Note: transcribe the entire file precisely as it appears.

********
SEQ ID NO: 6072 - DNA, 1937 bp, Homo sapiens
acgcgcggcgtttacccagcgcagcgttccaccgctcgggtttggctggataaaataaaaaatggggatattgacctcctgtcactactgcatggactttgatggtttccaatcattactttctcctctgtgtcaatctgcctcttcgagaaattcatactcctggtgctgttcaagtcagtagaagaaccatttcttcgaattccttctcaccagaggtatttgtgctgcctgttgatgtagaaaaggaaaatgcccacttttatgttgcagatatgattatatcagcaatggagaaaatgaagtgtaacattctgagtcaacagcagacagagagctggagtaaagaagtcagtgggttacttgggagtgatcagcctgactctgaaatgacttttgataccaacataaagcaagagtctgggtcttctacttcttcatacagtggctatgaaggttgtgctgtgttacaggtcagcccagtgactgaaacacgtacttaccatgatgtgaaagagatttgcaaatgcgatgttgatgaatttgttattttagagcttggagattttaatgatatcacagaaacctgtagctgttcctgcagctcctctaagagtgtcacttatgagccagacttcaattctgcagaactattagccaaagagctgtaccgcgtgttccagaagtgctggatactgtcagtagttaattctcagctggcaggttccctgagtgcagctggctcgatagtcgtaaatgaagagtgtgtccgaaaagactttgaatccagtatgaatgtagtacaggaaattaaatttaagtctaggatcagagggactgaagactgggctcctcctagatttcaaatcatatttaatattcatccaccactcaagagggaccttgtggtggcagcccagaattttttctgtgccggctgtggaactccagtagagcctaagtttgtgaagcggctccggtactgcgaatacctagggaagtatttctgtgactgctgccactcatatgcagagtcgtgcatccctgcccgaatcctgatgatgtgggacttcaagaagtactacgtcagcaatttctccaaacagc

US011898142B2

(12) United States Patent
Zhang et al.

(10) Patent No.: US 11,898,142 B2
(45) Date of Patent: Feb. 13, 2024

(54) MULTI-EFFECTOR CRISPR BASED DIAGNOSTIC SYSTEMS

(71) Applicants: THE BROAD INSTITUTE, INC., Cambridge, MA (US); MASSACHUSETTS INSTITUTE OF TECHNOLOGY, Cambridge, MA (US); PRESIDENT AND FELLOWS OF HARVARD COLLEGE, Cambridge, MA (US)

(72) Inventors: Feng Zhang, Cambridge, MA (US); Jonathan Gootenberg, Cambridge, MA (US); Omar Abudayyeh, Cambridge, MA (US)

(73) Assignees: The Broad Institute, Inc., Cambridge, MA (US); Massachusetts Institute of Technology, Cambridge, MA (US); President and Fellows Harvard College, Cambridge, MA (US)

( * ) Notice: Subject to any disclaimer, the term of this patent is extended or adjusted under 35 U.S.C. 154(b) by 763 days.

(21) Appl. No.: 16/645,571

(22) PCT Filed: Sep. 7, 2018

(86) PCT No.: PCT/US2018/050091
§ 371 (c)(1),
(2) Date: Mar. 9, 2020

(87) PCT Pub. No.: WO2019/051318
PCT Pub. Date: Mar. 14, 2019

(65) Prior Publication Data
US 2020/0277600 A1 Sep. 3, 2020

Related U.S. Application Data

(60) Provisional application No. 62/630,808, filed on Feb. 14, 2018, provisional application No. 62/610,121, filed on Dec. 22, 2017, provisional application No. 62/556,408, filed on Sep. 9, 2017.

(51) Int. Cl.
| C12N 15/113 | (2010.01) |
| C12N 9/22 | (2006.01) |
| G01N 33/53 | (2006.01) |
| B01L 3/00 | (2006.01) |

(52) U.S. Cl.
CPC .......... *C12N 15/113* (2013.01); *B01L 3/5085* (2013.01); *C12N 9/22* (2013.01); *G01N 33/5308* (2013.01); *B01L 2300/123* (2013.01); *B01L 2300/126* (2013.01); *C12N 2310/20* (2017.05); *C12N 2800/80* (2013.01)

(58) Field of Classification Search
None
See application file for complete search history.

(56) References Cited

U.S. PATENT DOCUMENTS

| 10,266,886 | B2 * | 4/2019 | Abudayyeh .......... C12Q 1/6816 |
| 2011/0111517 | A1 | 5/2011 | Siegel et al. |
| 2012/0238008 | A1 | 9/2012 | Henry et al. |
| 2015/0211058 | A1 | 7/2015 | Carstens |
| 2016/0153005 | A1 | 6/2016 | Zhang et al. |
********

SEQ ID NO: 6072 - DNA, 1937 bp, Homo sapiens
acgcgcggcgtttacccagcgcagcgttccaccgctcgggtttggctggataaaataaaaaatggggatattgacctcctgtcactactgcatggactttgatggtttccaatcattactttctcctctgtgtcaatctgcctcttcgagaaattcatactcctggtgctgttcaagtcagtagaagaaccatttcttcgaattccttctcaccagaggtatttgtgctgcctgttgatgtagaaaaggaaaatgcccacttttatgttgcagatatgattatatcagcaatggagaaaatgaagtgtaacattctgagtcaacagcagacagagagctggagtaaagaagtcagtgggttacttgggagtgatcagcctgactctgaaatgacttttgataccaacataaagcaagagtctgggtcttctacttcttcatacagtggctatgaaggttgtgctgtgttacaggtcagcccagtgactgaaacacgtacttaccatgatgtgaaagagatttgcaaatgcgatgttgatgaatttgttattttagagcttggagattttaatgatatcacagaaacctgtagctgttcctgcagctcctctaagagtgtcacttatgagccagacttcaattctgcagaactattagccaaagagctgtaccgcgtgttccagaagtgctggatactgtcagtagttaattctcagctggcaggttccctgagtgcagctggctcgatagtcgtaaatgaagagtgtgtccgaaaagactttgaatccagtatgaatgtagtacaggaaattaaatttaagtctaggatcagagggactgaagactgggctcctcctagatttcaaatcatatttaatattcatccaccactcaagagggaccttgtggtggcagcccagaattttttctgtgccggctgtggaactccagtagagcctaagtttgtgaagcggctccggtactgcgaatacctagggaagtatttctgtgactgctgccactcatatgcagagtcgtgcatccctgcccgaatcctgatgatgtgggacttcaagaagtactacgtcagcaatttctccaaacagc

US011898142B2

(12) United States Patent
Zhang et al.

(10) Patent No.: US 11,898,142 B2
(45) Date of Patent: Feb. 13, 2024

(54) MULTI-EFFECTOR CRISPR BASED DIAGNOSTIC SYSTEMS

(71) Applicants: THE BROAD INSTITUTE, INC., Cambridge, MA (US); MASSACHUSETTS INSTITUTE OF TECHNOLOGY, Cambridge, MA (US); PRESIDENT AND FELLOWS OF HARVARD COLLEGE, Cambridge, MA (US)

(72) Inventors: Feng Zhang, Cambridge, MA (US); Jonathan Gootenberg, Cambridge, MA (US); Omar Abudayyeh, Cambridge, MA (US)

(73) Assignees: The Broad Institute, Inc., Cambridge, MA (US); Massachusetts Institute of Technology, Cambridge, MA (US); President and Fellows Harvard College, Cambridge, MA (US)

( * ) Notice: Subject to any disclaimer, the term of this patent is extended or adjusted under 35 U.S.C. 154(b) by 763 days.

(21) Appl. No.: 16/645,571

(22) PCT Filed: Sep. 7, 2018

(86) PCT No.: PCT/US2018/050091
§ 371 (c)(1),
(2) Date: Mar. 9, 2020

(87) PCT Pub. No.: WO2019/051318
PCT Pub. Date: Mar. 14, 2019

(65) Prior Publication Data
US 2020/0277600 A1 Sep. 3, 2020

Related U.S. Application Data

(60) Provisional application No. 62/630,808, filed on Feb. 14, 2018, provisional application No. 62/610,121, filed on Dec. 22, 2017, provisional application No. 62/556,408, filed on Sep. 9, 2017.

(51) Int. Cl.
| C12N 15/113 | (2010.01) |
| C12N 9/22 | (2006.01) |
| G01N 33/53 | (2006.01) |
| B01L 3/00 | (2006.01) |

(52) U.S. Cl.
CPC .......... *C12N 15/113* (2013.01); *B01L 3/5085* (2013.01); *C12N 9/22* (2013.01); *G01N 33/5308* (2013.01); *B01L 2300/123* (2013.01); *B01L 2300/126* (2013.01); *C12N 2310/20* (2017.05); *C12N 2800/80* (2013.01)

(58) Field of Classification Search
None
See application file for complete search history.

(56) References Cited

U.S. PATENT DOCUMENTS

| 10,266,886 | B2 * | 4/2019 | Abudayyeh .......... C12Q 1/6816 |
| 2011/0111517 | A1 | 5/2011 | Siegel et al. |
| 2012/0238008 | A1 | 9/2012 | Henry et al. |
| 2015/0211058 | A1 | 7/2015 | Carstens |
| 2016/0153005 | A1 | 6/2016 | Zhang et al. |